There is the question of what currency the Scots will use. Mr Cameron will be seen as the prime minister who broke up the United Kingdom, and almost certainly have to resign after such a historic defeat. The Labour Party whose leaders have been at the heart of the campaign to defeat the separatists will collapse into recriminations, despair and disarray for a generation or more.

At the European level there will be a question of whether Scotland can continue as a member state or whether as a new created nation it has to apply anew for membership of the EU including adopting the euro as its currency.

The forces for separatism in other EU member states notably Catalonia, will be greatly encouraged. The chances of Brexit increase as the anti EU forces in England will cite a Scottish separation from England as a precedent for an English separation from Europe.             At a global level, what is left of England will be seen as a diminished, enfeebled power. The UK’s nuclear submarines will have to find new bases in England, and Britain’s military profile will reduce in size. Some may question whether the permanent seat on UN Security Council granted to the victorious United Kingdom at the head of commonwealth nations and imperial possessions in 1945 should be automatically transferred to amputated England.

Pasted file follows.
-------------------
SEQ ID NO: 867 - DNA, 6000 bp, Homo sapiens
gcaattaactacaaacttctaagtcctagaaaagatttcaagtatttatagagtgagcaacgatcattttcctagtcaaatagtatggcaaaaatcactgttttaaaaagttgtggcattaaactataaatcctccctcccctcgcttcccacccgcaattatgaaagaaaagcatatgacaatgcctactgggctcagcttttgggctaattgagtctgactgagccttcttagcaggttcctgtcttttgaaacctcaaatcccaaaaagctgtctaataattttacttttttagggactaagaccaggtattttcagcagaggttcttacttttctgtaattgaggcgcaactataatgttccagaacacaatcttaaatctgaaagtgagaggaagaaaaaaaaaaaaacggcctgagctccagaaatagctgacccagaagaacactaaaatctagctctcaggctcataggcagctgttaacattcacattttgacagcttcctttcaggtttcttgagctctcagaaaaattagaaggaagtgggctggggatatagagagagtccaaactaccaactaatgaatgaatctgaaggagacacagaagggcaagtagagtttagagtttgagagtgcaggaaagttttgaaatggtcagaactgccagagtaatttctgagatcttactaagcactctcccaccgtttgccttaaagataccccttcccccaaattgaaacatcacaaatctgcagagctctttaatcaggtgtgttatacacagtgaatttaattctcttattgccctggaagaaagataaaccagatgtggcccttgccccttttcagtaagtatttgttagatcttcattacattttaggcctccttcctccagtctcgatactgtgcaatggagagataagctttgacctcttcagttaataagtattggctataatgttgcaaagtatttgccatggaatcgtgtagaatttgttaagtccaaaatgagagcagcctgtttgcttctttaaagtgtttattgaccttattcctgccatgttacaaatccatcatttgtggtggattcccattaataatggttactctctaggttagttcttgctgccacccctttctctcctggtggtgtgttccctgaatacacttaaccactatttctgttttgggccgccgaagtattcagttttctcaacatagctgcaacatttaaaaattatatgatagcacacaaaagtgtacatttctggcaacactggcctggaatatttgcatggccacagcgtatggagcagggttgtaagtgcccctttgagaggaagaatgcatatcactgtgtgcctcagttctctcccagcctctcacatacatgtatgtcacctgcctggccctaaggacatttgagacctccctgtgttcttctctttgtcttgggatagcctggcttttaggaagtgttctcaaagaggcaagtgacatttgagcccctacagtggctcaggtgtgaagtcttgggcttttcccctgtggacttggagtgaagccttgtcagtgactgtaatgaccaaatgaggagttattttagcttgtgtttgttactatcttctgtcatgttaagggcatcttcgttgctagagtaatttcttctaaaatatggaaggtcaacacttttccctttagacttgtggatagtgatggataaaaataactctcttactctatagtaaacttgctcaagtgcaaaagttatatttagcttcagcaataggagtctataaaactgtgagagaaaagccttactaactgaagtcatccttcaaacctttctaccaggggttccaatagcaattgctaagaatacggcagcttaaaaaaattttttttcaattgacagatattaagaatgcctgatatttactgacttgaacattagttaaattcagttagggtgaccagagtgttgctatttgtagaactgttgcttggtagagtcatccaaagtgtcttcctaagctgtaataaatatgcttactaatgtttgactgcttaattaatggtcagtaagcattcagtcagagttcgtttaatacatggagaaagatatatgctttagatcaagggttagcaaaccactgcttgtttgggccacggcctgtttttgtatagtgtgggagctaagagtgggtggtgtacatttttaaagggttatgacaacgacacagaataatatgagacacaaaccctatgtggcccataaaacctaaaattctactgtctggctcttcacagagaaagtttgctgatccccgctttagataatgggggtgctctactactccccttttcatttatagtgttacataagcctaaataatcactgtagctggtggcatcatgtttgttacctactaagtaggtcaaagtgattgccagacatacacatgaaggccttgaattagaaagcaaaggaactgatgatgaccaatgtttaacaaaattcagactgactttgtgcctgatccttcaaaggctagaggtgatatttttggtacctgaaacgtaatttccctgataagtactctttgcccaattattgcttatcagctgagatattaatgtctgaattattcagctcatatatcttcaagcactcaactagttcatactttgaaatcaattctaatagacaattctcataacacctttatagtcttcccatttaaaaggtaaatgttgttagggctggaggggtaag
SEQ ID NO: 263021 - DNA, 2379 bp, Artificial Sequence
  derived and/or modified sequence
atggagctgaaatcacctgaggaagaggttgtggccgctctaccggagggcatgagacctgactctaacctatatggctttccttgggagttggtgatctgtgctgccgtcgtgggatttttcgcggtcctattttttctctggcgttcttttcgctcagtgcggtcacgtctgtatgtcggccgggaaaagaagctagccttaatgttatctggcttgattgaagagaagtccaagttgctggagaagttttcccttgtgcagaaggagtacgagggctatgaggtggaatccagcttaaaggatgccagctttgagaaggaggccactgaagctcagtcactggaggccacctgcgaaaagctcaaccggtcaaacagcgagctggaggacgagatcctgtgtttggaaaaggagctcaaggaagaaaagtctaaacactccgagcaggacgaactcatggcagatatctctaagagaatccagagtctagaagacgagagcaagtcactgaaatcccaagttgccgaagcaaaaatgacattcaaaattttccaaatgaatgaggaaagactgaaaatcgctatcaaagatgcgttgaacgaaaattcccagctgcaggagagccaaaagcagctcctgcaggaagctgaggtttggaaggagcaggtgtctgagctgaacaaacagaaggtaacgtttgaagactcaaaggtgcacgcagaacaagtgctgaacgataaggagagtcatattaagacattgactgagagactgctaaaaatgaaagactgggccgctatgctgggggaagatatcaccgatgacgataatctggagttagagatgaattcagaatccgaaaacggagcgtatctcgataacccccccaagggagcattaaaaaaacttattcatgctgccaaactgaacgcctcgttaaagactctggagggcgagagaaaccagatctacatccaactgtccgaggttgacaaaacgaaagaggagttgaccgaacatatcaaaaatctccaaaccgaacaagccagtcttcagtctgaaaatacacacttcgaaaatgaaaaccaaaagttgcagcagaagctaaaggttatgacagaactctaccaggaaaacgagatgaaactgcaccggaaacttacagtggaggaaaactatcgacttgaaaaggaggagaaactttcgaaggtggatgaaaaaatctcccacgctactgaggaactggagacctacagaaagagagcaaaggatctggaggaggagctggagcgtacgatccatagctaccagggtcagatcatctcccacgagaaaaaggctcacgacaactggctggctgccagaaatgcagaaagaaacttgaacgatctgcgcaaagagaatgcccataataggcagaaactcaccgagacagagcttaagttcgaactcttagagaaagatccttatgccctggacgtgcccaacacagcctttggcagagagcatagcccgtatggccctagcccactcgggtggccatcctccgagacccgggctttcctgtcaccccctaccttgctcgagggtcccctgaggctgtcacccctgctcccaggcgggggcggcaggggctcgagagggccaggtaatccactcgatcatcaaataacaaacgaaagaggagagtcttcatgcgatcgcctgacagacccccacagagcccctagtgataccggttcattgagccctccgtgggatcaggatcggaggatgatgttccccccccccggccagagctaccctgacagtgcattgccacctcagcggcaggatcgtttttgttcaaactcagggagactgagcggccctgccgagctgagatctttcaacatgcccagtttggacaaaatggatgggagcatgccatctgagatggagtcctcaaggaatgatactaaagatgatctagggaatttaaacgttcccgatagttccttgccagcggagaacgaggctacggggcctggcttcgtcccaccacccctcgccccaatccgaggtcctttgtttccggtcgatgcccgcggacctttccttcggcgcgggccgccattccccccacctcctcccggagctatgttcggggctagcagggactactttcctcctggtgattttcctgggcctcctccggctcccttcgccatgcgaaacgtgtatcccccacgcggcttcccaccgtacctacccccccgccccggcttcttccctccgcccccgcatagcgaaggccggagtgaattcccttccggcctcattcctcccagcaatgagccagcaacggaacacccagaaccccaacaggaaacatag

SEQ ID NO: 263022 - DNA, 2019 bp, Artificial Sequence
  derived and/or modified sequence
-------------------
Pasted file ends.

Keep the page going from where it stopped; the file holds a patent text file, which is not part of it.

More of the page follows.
Tory and Labour leaders in London are now panicking and talking of offering more devolution and powers to Scotland if only, please, please, they reject independence in the vote on 18th September. That offer might have worked years ago but is probably too late now.

Even if there is a narrow vote to maintain the union the Scottish separatists will simply declare it to be a half time result and come back in due course. The challenge of the British state as it has evolved since the 1707 fusion of the two nations is now massive. Whatever happens, Alex Salmond, the Scottish nationalist leader, has won and the London political establishment has lost.

Denis Macshane is the UK’s former minister for Europe.